The Sacred Uses of Cannabis by Ancient Cultures

by | Apr 22, 2024 | Cannabis Culture, Pain Management

marijuana in religious rituals

At times, you may feel sorry for cannabis plants. Throughout human history, cannabis went from being venerated as a natural healing herb to being the victim of propaganda and accused of corrupting American youth. Thanks to advocacy and state legalization, the tide has slowly turned, centering the cannabis plant as an alternative medicine with therapeutic value.

Cannabis cultivation is nothing new. In fact, for centuries, humans harvested wild cannabis and eventually propagated the plant for medicinal use. In some cases, cannabis was also used by ancient cultures for spiritual or religious rituals.

Despite prohibition in many countries and conflicts between state and federal law in the United States, cannabis has played an important part in human history. Let’s dive into some fun facts about how ancient civilizations used cannabis and why marijuana has always been an important part of human culture.

cannabis in ancient china

The Earliest Evidence of Cannabis Use Was 2500 Years Ago

A research paper titled “The origins of cannabis smoking: Chemical residue evidence from the first millennium BCE in the Pamirs” was published in Science Advances on June 12, 2019. Researchers confirmed that cannabis was one of the oldest plant species cultivated by humans in East Asia.

Archaeologists were excavating the Jirzankal Cemetary, located on the Pamir Plateau in western China. They uncovered ten (10) wooden bowls that contained small stones inside. There was evidence that the stones and bowls had been exposed to high heat, which concluded that they were used for ritualistic practices, such as burning incense.

That wasn’t particularly surprising, as incense was commonly used during all religious rituals in Chinese culture. What did surprise them, however, was that the rocks and bowls contained trace amounts of cannabis.

The First Version of a Modern-Day Bong

In effect, they had uncovered the earliest version of a cannabis pipe in human history. According to the researchers, it is believed that the wooden bowls were exposed to heat, which transferred to the rocks and created cannabis smoke. Plant material was placed on top of the rocks to create vapor for inhalation.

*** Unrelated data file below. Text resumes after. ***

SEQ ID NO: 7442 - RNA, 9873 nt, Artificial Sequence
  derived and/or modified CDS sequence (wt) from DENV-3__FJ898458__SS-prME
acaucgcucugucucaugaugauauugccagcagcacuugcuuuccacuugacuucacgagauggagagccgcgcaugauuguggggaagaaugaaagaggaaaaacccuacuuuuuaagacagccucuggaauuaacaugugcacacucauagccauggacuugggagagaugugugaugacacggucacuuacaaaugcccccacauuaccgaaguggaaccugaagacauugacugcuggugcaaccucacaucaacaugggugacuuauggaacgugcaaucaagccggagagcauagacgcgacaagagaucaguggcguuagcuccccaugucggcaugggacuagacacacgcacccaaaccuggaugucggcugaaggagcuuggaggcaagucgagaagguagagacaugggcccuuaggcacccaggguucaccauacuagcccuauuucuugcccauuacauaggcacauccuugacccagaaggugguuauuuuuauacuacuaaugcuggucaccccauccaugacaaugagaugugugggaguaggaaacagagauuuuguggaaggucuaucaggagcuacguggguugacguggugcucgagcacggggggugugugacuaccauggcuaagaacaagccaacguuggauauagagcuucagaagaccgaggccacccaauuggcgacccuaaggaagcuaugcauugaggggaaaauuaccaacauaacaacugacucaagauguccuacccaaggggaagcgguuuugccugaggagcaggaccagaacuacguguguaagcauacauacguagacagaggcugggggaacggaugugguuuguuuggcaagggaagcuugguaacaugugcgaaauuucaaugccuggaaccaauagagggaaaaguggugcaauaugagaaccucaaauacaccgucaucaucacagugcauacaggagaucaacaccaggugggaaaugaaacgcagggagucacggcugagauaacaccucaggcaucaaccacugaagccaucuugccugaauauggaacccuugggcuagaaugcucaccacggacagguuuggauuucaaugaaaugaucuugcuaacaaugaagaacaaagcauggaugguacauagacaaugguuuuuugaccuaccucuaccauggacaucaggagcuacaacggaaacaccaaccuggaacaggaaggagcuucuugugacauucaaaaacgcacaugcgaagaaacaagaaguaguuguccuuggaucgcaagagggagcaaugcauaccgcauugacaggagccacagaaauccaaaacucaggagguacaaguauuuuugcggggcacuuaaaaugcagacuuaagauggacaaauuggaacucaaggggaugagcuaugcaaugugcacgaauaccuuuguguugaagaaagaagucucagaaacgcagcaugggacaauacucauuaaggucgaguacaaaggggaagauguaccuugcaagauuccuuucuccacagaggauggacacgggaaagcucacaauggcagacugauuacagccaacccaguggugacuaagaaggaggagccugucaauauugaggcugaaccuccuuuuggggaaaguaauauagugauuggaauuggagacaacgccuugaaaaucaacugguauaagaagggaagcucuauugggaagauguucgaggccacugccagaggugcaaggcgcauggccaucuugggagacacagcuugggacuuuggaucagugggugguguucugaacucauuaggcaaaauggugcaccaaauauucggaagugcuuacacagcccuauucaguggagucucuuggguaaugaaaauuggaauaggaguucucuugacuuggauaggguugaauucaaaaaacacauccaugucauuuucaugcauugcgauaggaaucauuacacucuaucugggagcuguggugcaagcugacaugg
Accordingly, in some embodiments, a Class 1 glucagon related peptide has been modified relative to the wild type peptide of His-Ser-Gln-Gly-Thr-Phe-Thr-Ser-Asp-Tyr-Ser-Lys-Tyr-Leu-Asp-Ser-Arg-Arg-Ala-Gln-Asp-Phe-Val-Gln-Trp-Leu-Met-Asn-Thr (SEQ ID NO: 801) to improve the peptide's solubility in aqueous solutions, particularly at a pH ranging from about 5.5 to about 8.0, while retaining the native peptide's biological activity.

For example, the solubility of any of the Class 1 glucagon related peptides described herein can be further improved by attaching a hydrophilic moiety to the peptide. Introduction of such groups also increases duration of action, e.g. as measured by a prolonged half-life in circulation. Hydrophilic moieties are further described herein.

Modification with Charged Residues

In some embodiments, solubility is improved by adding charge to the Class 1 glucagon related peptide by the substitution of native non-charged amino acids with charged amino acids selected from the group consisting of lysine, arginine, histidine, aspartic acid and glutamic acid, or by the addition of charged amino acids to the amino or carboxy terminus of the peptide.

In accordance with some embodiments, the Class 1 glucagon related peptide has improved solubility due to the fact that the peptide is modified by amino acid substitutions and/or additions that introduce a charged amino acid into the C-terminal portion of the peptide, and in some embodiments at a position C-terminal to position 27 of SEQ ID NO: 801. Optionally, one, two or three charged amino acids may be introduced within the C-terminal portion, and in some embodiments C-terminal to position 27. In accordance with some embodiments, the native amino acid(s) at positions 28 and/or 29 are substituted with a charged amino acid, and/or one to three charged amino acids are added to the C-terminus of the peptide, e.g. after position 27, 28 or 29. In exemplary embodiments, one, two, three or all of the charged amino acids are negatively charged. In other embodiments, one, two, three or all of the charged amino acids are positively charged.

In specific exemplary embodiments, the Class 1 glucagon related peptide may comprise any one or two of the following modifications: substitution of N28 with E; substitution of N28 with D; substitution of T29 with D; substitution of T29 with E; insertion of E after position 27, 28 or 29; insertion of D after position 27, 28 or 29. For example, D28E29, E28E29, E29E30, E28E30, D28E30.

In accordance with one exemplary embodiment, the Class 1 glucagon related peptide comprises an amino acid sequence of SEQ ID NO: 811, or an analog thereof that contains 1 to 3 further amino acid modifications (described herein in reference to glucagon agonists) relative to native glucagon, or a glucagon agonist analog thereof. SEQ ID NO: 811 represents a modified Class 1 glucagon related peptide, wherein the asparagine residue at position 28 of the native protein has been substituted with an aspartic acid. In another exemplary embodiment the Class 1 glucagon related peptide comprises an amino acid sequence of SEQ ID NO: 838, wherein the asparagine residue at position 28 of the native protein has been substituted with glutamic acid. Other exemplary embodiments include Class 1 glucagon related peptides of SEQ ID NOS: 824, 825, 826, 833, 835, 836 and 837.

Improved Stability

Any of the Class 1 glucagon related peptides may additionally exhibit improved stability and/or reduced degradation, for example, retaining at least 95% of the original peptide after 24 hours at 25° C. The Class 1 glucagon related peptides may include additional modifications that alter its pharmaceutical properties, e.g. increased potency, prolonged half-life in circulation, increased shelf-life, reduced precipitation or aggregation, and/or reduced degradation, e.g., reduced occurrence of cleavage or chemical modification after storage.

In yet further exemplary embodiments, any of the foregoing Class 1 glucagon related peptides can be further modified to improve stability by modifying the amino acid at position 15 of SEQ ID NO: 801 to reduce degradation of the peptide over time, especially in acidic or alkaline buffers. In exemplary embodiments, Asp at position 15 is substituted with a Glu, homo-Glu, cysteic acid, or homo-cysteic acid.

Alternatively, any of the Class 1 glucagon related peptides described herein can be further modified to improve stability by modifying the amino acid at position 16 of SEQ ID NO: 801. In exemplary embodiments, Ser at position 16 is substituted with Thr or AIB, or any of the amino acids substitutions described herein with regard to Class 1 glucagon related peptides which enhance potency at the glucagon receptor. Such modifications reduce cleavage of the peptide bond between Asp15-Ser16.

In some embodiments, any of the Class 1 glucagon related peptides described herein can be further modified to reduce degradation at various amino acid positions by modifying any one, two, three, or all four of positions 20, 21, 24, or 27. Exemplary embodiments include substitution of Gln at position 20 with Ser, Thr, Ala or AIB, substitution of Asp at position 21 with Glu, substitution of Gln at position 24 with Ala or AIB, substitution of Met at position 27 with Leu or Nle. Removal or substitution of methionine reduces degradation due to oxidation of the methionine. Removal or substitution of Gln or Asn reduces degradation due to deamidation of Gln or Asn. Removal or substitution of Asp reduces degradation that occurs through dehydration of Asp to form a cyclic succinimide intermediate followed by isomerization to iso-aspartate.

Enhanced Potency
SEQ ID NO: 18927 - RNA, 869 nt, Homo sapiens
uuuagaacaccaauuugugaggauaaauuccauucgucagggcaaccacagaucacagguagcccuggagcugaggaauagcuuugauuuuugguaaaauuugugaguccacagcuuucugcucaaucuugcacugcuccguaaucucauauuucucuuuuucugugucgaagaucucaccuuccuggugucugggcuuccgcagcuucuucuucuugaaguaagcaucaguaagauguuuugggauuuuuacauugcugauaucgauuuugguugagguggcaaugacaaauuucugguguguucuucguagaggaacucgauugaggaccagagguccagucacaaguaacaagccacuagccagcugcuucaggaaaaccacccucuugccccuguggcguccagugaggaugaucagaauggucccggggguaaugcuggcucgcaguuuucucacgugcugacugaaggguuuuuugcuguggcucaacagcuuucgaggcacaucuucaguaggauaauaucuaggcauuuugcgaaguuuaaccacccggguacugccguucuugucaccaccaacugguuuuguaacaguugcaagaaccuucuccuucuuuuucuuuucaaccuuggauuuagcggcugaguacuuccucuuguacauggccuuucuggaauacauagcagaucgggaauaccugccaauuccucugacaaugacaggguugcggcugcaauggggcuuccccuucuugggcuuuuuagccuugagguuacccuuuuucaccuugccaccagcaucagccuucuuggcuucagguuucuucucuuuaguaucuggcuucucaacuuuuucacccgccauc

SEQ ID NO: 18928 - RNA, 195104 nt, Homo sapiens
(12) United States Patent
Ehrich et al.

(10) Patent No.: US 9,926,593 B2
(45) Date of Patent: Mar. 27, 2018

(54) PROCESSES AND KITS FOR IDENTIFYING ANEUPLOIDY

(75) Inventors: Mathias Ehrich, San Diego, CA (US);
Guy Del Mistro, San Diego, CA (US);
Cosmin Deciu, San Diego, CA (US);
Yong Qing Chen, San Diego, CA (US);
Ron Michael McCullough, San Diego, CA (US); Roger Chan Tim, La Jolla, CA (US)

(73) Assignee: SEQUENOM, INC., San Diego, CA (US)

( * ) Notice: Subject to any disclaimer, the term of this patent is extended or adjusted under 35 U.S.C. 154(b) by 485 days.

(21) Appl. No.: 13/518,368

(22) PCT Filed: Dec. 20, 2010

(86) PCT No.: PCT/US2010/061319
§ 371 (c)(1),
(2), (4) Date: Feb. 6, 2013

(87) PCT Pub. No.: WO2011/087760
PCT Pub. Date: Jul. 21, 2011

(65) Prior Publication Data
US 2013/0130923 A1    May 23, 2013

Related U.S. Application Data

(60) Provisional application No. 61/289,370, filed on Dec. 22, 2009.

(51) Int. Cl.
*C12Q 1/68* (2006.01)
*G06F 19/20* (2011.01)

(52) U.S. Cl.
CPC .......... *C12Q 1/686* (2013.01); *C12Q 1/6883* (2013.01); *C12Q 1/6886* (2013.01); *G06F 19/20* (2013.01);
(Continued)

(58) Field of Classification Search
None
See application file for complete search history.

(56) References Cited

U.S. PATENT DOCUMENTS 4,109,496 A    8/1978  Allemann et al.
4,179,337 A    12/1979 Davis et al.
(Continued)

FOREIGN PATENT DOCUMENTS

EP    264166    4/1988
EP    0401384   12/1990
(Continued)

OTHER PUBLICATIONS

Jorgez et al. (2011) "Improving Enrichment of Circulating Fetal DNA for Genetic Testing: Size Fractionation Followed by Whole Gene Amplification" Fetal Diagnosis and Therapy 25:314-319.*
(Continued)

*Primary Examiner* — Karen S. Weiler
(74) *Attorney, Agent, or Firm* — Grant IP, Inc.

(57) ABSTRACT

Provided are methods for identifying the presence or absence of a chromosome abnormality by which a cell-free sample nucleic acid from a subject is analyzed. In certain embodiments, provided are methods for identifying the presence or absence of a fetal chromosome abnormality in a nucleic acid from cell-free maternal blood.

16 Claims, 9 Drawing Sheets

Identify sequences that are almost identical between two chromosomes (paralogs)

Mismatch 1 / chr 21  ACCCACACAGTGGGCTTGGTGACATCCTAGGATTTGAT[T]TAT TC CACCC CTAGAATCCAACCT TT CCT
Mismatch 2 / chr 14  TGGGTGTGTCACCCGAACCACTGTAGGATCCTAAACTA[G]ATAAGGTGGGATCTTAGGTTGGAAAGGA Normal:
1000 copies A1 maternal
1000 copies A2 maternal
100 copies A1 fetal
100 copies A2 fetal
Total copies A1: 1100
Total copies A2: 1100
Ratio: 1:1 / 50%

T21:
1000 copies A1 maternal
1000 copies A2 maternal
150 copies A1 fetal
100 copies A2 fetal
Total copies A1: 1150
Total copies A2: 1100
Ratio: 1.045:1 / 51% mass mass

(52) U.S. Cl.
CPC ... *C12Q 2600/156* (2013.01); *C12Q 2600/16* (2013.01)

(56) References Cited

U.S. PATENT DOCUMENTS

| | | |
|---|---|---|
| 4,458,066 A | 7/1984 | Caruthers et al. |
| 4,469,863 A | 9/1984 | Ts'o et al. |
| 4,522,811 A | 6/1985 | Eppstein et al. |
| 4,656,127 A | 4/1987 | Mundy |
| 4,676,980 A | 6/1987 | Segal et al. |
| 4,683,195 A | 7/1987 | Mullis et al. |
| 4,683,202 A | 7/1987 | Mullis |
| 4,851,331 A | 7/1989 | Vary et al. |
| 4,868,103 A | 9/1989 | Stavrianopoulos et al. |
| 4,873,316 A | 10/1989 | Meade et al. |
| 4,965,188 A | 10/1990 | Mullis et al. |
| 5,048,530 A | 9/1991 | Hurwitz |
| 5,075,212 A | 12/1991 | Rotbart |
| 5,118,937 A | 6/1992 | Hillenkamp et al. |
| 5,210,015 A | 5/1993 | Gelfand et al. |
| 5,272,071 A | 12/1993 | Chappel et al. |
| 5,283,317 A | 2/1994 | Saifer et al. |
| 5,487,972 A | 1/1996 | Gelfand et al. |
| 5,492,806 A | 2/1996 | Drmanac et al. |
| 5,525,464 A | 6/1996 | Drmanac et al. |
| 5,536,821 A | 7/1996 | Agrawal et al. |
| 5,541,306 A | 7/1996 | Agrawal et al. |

When you think about it, there is nothing harder than losing a loved one. Grief can be overwhelming, so the idea of medicating family members with cannabis to ease their emotional pain makes a lot of sense. Moreover, samples showed that East Asian ancestors cultivated cannabis with high terpenophenolic secondary metabolites.

That meant not only was cannabis regularly used during religious rituals 2,500 years ago, but our ancestors were already selectively cultivating strains with desirable attributes, particularly plants that had higher-than-average psychoactive chemicals. Nine out of the ten bowls had cannabis residue.

The Sacred Uses of Cannabis by Ancient Cultures

Cannabis Use By Ancient Egyptians

Egypt has some of the toughest cannabis laws in the world, and it is illegal to consume cannabis in the country. However, cannabis use is very common among residents living in the country, and you can easily find people consuming it in cafes.

The United States is not the only country to have conflicting federal and state or community laws regarding cannabis possession and use. However, archaeologists have proven that cannabis has been a cultural fixture in Egypt since 3000 BC.

Cannabis was an agricultural product in ancient Egypt, with the majority of products allocated for creating hemp ropes. However, historical records reveal that “mystic Islamic travelers” originating from Syria during the 12th century AD (Ayyubid dynasty) introduced hashish to the Egyptian population.

David Ben Solomon IBN Abi Zimra noted in 1525 that “they eat cannabis leaves in Egypt and are inebriated thereby, and they say that it makes one happy. They eat it raw and plain; in some places, they also use it like linen to make garments.” Zimra (also called Radbaz) was a Chief Rabbi and author of more than 3,000 scholarly written works.

The Vikings Regularly Used Cannabis For A Variety of Purposes

Did you catch the Vikings series on Netflix? If you watched it, you already know how advanced the Vikings were in engineering and medical triage. If you belong to a civilization that is raiding and pillaging on the regular, chances are you pick up a thing or two about using herbal medicine for healing wounds and other health problems.